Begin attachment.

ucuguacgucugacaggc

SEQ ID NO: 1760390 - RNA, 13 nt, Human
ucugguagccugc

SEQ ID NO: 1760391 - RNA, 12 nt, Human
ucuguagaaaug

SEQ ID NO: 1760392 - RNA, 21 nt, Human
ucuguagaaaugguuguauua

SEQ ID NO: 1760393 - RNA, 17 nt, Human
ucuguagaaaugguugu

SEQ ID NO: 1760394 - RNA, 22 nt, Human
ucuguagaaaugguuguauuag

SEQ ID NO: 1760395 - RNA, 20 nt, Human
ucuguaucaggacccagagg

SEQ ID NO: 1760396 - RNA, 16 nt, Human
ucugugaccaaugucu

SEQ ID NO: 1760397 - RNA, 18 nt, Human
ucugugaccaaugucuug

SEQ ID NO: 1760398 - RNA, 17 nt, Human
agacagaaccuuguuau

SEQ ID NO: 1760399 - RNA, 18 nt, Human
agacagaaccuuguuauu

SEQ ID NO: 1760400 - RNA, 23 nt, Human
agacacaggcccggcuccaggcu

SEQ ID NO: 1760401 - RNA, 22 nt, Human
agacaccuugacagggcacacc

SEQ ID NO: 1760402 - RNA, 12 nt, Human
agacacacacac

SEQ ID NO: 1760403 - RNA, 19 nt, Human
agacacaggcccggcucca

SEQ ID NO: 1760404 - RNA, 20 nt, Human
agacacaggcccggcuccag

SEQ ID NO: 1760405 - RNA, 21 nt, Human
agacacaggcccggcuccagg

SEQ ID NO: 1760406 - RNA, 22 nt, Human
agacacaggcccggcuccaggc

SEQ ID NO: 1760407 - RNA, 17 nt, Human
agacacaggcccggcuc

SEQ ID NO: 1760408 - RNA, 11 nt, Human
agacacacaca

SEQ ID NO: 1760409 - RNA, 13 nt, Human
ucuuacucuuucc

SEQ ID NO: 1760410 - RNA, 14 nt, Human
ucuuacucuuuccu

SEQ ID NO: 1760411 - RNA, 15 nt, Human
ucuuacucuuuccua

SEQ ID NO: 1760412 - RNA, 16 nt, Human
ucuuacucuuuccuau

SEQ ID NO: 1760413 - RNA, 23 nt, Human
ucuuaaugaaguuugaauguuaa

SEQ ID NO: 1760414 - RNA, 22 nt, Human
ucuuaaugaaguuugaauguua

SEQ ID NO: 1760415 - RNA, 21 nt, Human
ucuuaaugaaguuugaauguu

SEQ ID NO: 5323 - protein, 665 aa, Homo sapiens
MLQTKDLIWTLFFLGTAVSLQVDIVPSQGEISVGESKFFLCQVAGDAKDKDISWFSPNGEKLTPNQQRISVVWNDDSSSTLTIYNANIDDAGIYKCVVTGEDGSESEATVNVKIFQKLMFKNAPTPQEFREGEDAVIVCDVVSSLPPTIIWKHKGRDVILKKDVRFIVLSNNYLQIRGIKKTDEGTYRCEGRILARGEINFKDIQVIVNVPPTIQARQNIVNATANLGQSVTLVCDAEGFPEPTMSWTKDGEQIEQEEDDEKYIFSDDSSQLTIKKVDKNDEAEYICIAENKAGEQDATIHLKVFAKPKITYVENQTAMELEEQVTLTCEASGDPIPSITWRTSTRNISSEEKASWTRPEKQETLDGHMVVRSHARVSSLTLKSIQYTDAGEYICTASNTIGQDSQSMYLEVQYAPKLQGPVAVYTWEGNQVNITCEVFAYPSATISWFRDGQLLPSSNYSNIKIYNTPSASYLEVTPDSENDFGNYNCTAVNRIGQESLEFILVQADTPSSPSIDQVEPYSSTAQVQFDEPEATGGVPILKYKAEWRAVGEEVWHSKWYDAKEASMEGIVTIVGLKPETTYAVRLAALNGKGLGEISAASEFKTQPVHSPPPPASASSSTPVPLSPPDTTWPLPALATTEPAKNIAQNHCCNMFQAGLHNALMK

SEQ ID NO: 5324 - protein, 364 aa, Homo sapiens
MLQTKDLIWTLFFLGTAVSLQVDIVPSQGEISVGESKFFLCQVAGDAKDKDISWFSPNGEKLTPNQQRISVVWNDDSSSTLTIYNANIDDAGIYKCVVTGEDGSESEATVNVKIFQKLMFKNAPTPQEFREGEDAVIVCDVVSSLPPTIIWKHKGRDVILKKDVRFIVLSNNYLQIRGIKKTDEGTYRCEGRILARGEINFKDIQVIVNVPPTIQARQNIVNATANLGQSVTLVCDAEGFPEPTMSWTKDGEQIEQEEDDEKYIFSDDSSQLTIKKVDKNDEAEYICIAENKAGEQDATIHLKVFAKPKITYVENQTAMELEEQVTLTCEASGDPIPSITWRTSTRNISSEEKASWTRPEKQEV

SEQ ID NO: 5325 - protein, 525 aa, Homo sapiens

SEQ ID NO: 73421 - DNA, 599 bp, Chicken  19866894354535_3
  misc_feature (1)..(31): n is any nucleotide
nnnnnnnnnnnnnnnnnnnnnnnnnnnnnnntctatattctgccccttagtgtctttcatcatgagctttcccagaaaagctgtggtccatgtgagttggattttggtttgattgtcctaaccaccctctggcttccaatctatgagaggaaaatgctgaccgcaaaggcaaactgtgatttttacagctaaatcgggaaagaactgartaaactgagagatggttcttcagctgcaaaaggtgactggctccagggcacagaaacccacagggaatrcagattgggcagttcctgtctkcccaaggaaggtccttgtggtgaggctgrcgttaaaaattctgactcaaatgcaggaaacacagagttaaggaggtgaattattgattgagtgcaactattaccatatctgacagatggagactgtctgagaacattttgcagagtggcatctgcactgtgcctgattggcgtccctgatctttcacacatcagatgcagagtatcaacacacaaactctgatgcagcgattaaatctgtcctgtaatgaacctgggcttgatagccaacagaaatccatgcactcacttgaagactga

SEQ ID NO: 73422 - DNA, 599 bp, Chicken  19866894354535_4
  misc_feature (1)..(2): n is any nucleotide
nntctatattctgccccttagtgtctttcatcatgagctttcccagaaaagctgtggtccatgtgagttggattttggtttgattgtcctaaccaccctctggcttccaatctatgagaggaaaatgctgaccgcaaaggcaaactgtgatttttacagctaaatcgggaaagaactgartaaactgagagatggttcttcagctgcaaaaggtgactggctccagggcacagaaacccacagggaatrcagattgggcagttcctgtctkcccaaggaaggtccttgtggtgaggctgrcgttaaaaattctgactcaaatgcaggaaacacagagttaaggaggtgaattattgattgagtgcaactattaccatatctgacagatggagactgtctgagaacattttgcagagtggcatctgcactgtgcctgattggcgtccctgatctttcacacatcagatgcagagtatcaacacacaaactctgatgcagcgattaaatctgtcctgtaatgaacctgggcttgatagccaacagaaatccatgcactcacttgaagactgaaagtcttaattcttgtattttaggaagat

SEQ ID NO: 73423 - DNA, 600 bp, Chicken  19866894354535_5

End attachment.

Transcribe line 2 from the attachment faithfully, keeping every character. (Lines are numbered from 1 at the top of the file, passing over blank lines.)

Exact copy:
SEQ ID NO: 1760390 - RNA, 13 nt, Human